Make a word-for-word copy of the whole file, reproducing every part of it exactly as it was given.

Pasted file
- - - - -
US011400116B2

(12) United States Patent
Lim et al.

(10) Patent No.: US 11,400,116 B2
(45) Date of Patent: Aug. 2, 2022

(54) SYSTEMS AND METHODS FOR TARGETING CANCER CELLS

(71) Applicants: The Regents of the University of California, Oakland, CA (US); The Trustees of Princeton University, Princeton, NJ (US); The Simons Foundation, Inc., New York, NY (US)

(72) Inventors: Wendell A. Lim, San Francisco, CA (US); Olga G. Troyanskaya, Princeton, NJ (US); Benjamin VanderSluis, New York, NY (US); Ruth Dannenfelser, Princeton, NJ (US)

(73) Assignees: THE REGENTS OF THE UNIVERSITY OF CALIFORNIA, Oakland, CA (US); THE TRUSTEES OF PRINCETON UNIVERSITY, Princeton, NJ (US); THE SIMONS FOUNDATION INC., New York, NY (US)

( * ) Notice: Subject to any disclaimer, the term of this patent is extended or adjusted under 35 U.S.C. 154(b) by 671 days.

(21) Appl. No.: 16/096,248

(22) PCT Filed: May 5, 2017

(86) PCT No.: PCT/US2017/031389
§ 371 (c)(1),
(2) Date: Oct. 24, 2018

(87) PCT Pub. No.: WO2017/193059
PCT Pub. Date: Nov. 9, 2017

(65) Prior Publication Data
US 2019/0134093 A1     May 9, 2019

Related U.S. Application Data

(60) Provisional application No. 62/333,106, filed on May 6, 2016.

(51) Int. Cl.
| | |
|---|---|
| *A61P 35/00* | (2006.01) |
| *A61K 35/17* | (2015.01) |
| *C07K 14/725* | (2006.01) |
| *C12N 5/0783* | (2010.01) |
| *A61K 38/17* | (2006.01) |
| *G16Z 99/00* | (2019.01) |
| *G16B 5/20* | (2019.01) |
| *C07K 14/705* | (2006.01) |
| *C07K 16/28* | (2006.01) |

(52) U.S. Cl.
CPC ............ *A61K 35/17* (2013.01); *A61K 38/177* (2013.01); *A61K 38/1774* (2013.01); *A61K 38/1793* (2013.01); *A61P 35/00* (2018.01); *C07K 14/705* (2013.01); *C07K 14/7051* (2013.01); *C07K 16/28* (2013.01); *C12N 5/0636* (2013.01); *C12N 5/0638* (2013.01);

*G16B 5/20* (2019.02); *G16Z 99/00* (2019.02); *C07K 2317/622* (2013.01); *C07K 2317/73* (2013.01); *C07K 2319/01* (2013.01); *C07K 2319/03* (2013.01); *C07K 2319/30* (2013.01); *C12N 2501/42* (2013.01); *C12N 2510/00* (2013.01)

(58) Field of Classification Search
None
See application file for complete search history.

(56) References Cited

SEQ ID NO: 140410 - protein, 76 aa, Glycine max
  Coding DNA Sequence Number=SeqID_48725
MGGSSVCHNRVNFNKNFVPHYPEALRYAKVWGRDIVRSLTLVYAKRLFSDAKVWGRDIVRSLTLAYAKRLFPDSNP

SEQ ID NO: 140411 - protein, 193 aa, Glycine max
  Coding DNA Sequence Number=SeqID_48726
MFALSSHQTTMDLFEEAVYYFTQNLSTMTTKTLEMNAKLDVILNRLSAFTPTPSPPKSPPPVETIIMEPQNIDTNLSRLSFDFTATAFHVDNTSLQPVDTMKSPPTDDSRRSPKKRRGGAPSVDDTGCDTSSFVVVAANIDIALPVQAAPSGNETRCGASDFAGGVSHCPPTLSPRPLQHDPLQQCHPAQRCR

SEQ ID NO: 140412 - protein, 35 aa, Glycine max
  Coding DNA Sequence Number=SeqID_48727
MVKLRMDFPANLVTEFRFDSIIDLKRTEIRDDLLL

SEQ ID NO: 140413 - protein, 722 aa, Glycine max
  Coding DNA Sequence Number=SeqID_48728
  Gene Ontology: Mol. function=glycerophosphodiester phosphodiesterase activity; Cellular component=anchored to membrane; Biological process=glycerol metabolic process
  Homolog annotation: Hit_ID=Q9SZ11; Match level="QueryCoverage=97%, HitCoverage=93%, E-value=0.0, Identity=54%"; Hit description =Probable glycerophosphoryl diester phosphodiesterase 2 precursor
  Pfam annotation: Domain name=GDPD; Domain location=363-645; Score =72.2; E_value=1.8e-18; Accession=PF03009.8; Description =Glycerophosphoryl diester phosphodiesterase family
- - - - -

US011400116B2

(12) United States Patent
Lim et al.

(10) Patent No.: US 11,400,116 B2
(45) Date of Patent: Aug. 2, 2022

(54) SYSTEMS AND METHODS FOR TARGETING CANCER CELLS

(71) Applicants: The Regents of the University of California, Oakland, CA (US); The Trustees of Princeton University, Princeton, NJ (US); The Simons Foundation, Inc., New York, NY (US)

(72) Inventors: Wendell A. Lim, San Francisco, CA (US); Olga G. Troyanskaya, Princeton, NJ (US); Benjamin VanderSluis, New York, NY (US); Ruth Dannenfelser, Princeton, NJ (US)

(73) Assignees: THE REGENTS OF THE UNIVERSITY OF CALIFORNIA, Oakland, CA (US); THE TRUSTEES OF PRINCETON UNIVERSITY, Princeton, NJ (US); THE SIMONS FOUNDATION INC., New York, NY (US)

( * ) Notice: Subject to any disclaimer, the term of this patent is extended or adjusted under 35 U.S.C. 154(b) by 671 days.

(21) Appl. No.: 16/096,248

(22) PCT Filed: May 5, 2017

(86) PCT No.: PCT/US2017/031389
§ 371 (c)(1),
(2) Date: Oct. 24, 2018

(87) PCT Pub. No.: WO2017/193059
PCT Pub. Date: Nov. 9, 2017

(65) Prior Publication Data
US 2019/0134093 A1     May 9, 2019

Related U.S. Application Data

(60) Provisional application No. 62/333,106, filed on May 6, 2016.

(51) Int. Cl.
| | |
|---|---|
| *A61P 35/00* | (2006.01) |
| *A61K 35/17* | (2015.01) |
| *C07K 14/725* | (2006.01) |
| *C12N 5/0783* | (2010.01) |
| *A61K 38/17* | (2006.01) |
| *G16Z 99/00* | (2019.01) |
| *G16B 5/20* | (2019.01) |
| *C07K 14/705* | (2006.01) |
| *C07K 16/28* | (2006.01) |

(52) U.S. Cl.
CPC ............ *A61K 35/17* (2013.01); *A61K 38/177* (2013.01); *A61K 38/1774* (2013.01); *A61K 38/1793* (2013.01); *A61P 35/00* (2018.01); *C07K 14/705* (2013.01); *C07K 14/7051* (2013.01); *C07K 16/28* (2013.01); *C12N 5/0636* (2013.01); *C12N 5/0638* (2013.01);

*G16B 5/20* (2019.02); *G16Z 99/00* (2019.02); *C07K 2317/622* (2013.01); *C07K 2317/73* (2013.01); *C07K 2319/01* (2013.01); *C07K 2319/03* (2013.01); *C07K 2319/30* (2013.01); *C12N 2501/42* (2013.01); *C12N 2510/00* (2013.01)

(58) Field of Classification Search
None
See application file for complete search history.

(56) References Cited

SEQ ID NO: 140410 - protein, 76 aa, Glycine max
  Coding DNA Sequence Number=SeqID_48725
MGGSSVCHNRVNFNKNFVPHYPEALRYAKVWGRDIVRSLTLVYAKRLFSDAKVWGRDIVRSLTLAYAKRLFPDSNP

SEQ ID NO: 140411 - protein, 193 aa, Glycine max
  Coding DNA Sequence Number=SeqID_48726
MFALSSHQTTMDLFEEAVYYFTQNLSTMTTKTLEMNAKLDVILNRLSAFTPTPSPPKSPPPVETIIMEPQNIDTNLSRLSFDFTATAFHVDNTSLQPVDTMKSPPTDDSRRSPKKRRGGAPSVDDTGCDTSSFVVVAANIDIALPVQAAPSGNETRCGASDFAGGVSHCPPTLSPRPLQHDPLQQCHPAQRCR

SEQ ID NO: 140412 - protein, 35 aa, Glycine max
  Coding DNA Sequence Number=SeqID_48727
MVKLRMDFPANLVTEFRFDSIIDLKRTEIRDDLLL

SEQ ID NO: 140413 - protein, 722 aa, Glycine max
  Coding DNA Sequence Number=SeqID_48728
  Gene Ontology: Mol. function=glycerophosphodiester phosphodiesterase activity; Cellular component=anchored to membrane; Biological process=glycerol metabolic process
  Homolog annotation: Hit_ID=Q9SZ11; Match level="QueryCoverage=97%, HitCoverage=93%, E-value=0.0, Identity=54%"; Hit description =Probable glycerophosphoryl diester phosphodiesterase 2 precursor
  Pfam annotation: Domain name=GDPD; Domain location=363-645; Score =72.2; E_value=1.8e-18; Accession=PF03009.8; Description =Glycerophosphoryl diester phosphodiesterase family